No Way Out of Here: The Unicorn Story (Part One)

Early demo tapes from Unicorn, a country-rock group and protégés of Pink Floyd’s David Gilmour, show that the underappreciated British group had an authentic yet radio-ready sound that should have caught on. Despite a number of lucky breaks, the well-deserving band never lit commercial fire. But now there’s a new archival release from Omnivore Recordings, curated by Executive Producer David DiSanzo. Laughing Up Your Sleeve, a new 20-track collection of home-studio recordings from the early ‘70s hints at what could have been.

There’s a long a fruitful tradition of cultural cross-pollination between England and the United States; the history of rock and pop music is filled with examples of artists from one country absorbing the influences of the other, creating something new in the process, and then serving it back to listeners across the Atlantic.

And with all of that transatlantic activity, some groups were bound to get lost in the shuffle, even if they were very good. One such band was Unicorn. First coming together (with an embryonic beat group lineup) in Southwest London in 1963, by the early ‘70s the band had developed its own original style, based around the songwriting of Ken Baker. Unicorn’s songs drew from both rock and country, with a sound not miles away from what another British group, Brinsley Schwarz, was making.

But Pat Martin, Unicorn’s bassist, says that his group developed its signature sound completely separately from the band featuring a young Nick Lowe. “Probably, there were several things that we were both influenced by,” he says. “I know they loved The Band, and that was one of our favorite groups in the States.” Martin gets to the heart of what set Unicorn apart from other bands. “Obviously we were very American-influenced, but Ken Baker’s words are very, very English.”

Throughout the 1970s, Unicorn’s stable lineup included Martin on bass, Kevin Smith on guitars and mandolin, lead vocalist and drummer Pete Perryer, and songwriter Ken Baker on guitars and keyboards. All four musicians sang.

The eight years between forming and inking a deal with Transatlantic Records would be succinctly summed up in the brief liner notes printed inside the gatefold jacket of the group’s long-playing debut, Uphill All the Way. That potted history hits the high points: “They were all 13 years old … youth clubs were their circuit … at 17, they left school and turned pro … Billy J. Kramer signed them as his backing group … they did 10 radio and TV spots … small gigs and national tours.” The short essay ends with this: “They tightened up their harmony and wrote new material, influenced by groups like Traffic, and writers like Neil Young. They learnt from them. But they never copied.”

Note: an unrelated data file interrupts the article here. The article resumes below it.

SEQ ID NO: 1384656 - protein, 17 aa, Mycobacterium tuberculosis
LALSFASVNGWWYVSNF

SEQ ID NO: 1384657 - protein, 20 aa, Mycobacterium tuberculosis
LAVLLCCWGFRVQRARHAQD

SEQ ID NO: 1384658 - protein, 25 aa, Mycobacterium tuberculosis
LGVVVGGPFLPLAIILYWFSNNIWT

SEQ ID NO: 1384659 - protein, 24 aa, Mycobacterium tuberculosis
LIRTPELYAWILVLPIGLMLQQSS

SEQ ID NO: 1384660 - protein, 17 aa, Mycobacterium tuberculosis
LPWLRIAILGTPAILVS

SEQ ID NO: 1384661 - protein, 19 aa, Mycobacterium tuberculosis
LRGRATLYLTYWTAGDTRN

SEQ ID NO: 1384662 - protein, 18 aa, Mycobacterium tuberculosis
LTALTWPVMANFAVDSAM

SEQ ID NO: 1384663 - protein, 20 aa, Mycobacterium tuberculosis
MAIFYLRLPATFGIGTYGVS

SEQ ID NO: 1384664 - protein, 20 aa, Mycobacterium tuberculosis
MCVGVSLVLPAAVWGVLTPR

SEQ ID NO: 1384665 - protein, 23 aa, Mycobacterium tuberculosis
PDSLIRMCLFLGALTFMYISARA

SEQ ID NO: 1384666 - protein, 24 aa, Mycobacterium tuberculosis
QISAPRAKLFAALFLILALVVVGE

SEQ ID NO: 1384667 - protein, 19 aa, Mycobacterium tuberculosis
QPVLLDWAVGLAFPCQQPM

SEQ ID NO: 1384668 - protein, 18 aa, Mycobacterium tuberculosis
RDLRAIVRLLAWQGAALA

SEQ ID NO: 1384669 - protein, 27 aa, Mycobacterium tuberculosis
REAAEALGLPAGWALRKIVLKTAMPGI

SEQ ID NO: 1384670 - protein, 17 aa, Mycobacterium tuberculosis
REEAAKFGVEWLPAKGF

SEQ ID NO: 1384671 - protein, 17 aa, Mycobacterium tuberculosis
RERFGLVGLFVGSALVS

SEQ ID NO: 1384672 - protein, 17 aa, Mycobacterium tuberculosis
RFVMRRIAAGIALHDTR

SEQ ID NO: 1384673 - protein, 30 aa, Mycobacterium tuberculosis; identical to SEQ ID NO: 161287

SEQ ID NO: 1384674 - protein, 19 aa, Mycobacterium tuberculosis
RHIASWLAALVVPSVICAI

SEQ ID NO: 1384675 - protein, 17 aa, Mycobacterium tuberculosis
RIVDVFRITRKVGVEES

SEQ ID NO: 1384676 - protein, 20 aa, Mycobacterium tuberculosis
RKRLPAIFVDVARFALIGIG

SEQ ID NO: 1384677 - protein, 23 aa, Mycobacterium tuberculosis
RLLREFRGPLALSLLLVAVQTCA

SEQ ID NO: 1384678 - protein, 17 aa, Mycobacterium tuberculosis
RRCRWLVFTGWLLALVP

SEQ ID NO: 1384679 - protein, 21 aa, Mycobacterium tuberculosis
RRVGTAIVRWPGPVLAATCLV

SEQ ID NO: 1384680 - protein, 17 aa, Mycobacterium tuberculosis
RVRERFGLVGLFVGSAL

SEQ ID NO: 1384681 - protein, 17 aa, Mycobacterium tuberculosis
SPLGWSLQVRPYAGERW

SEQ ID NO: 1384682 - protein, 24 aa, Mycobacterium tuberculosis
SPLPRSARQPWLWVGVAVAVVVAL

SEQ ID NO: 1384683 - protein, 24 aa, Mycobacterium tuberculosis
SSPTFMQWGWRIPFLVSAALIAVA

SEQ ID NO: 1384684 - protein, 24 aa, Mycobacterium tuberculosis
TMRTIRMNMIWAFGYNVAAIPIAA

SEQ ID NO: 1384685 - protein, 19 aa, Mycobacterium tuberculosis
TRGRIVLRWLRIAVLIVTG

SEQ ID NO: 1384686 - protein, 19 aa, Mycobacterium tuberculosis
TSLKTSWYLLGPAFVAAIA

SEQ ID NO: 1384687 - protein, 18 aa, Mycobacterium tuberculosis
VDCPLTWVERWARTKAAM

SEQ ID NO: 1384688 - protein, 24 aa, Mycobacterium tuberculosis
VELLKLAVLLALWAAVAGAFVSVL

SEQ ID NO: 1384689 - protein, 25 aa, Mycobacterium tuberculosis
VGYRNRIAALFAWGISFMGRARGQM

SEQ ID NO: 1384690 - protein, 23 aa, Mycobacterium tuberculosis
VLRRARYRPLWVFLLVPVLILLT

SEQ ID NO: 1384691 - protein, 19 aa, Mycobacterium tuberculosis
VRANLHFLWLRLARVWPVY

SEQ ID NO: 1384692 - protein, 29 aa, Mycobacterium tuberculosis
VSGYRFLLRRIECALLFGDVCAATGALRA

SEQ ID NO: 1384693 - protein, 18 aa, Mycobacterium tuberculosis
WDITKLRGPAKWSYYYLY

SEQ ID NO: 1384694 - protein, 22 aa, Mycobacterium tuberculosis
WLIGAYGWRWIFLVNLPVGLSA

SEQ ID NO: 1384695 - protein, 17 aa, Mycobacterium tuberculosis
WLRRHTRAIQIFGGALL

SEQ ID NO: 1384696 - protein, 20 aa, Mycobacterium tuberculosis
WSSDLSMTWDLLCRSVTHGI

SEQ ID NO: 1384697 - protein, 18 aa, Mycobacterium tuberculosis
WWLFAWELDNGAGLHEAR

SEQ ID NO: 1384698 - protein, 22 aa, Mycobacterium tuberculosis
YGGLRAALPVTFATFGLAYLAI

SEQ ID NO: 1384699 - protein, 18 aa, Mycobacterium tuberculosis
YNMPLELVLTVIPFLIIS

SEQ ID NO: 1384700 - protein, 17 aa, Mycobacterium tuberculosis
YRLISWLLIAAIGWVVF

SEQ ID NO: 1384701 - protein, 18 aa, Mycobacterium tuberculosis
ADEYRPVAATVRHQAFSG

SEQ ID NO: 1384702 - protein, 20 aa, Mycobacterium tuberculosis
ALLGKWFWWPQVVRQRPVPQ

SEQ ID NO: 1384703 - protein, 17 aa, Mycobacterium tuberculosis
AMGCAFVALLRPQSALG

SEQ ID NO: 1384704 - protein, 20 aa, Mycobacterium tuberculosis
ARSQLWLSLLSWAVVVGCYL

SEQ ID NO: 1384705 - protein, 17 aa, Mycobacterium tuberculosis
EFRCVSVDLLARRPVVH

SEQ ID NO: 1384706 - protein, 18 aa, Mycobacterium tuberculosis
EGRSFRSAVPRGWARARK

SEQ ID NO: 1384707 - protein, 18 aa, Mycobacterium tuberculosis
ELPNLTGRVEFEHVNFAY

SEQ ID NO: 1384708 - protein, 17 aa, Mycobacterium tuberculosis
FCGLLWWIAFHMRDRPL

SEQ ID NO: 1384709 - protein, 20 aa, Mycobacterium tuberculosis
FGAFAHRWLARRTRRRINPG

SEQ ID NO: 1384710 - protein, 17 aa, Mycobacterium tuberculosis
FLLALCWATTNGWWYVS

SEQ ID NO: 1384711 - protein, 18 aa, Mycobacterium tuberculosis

The album was produced by Hugo Murphy, “the guy who went on to produce Baker Street for Gerry Rafferty,” Martin says. “When he produced us, he was an apprentice to the famous producer Shel Talmy. He was the bees’ knees in England.” Uphill All the Way didn’t sell in great numbers, but the quality songwriting, singing and playing on the record would eventually lead Unicorn to future opportunities.

Ricky Hopper, a “record plugger” at Transatlantic had taking a strong liking to the album track “P.F. Sloan,” a cover of the Jimmy Webb tune. “He got us some really good plays on the radio,” Martin says. But the promotions man soon left the label, and the members of the group thought that meant the end of their association with him.

“But one day he phoned me up out of the blue,” Martin recalls. “He said, ‘I’m getting married. Can the band play at my wedding? I can’t afford to pay you, but there will be a lot of famous people there.” Martin chuckles at the memory. “We all thought, “Oh, yeah, yeah. We’ve heard that before.’ But he had done us a really big favor, so we agreed to do it.”

The famous guests at the early 1973 wedding included David Gilmour. His band was in ascendancy; Pink Floyd’s The Dark Side of the Moon was storming the charts and earning critical accolades. “David came up to us during the break and said he really liked our original numbers,” Martin says. The famed guitarist especially liked “Sleep Song,” a tune Martin describes as “partly about going to the dentist.

“David thought it was amazing,” Martin says with a laugh. “He’d never heard anyone write a song about going to the dentist! And so he asked for my number.” Gilmour had recently received the first money from sales of The Dark Side of the Moon, and he had built a brand-new recording studio in his new home. One of the first things he did was call Pat Martin.

“Look,” Martin recalls Gilmour saying, “I’ve just got this studio, and I’m testing it out. Would you guys like to come up and demo your original songs? I’ll be experimenting, so I don’t know how good it’s going to be.” On behalf of the band, Martin immediately said yes.

At the appointed day and time, the four members of Unicorn arrived at Gilmour’s home studio, bringing along all of their own gear. Their host greeted them, saying, “If you want, you can use any of my stuff.” Martin recalls looking admiringly upon Gilmour’s wall of guitars. But then they got a look at the studio. “It didn’t have a control room,” Martin laughs. “It hadn’t been built yet! He just had the equipment in one room without sound separation.” Gilmour recorded Unicorn’s demo session using headphones instead of the customary studio reference monitors.

Martin says that he, his band mates and the post-production mixing engineer were united in their amazement at the results. “We couldn’t believe the quality,” he says. “You do have things like guitar coming out on the snare drum mic, but he did such a good job. It sounds so good!”

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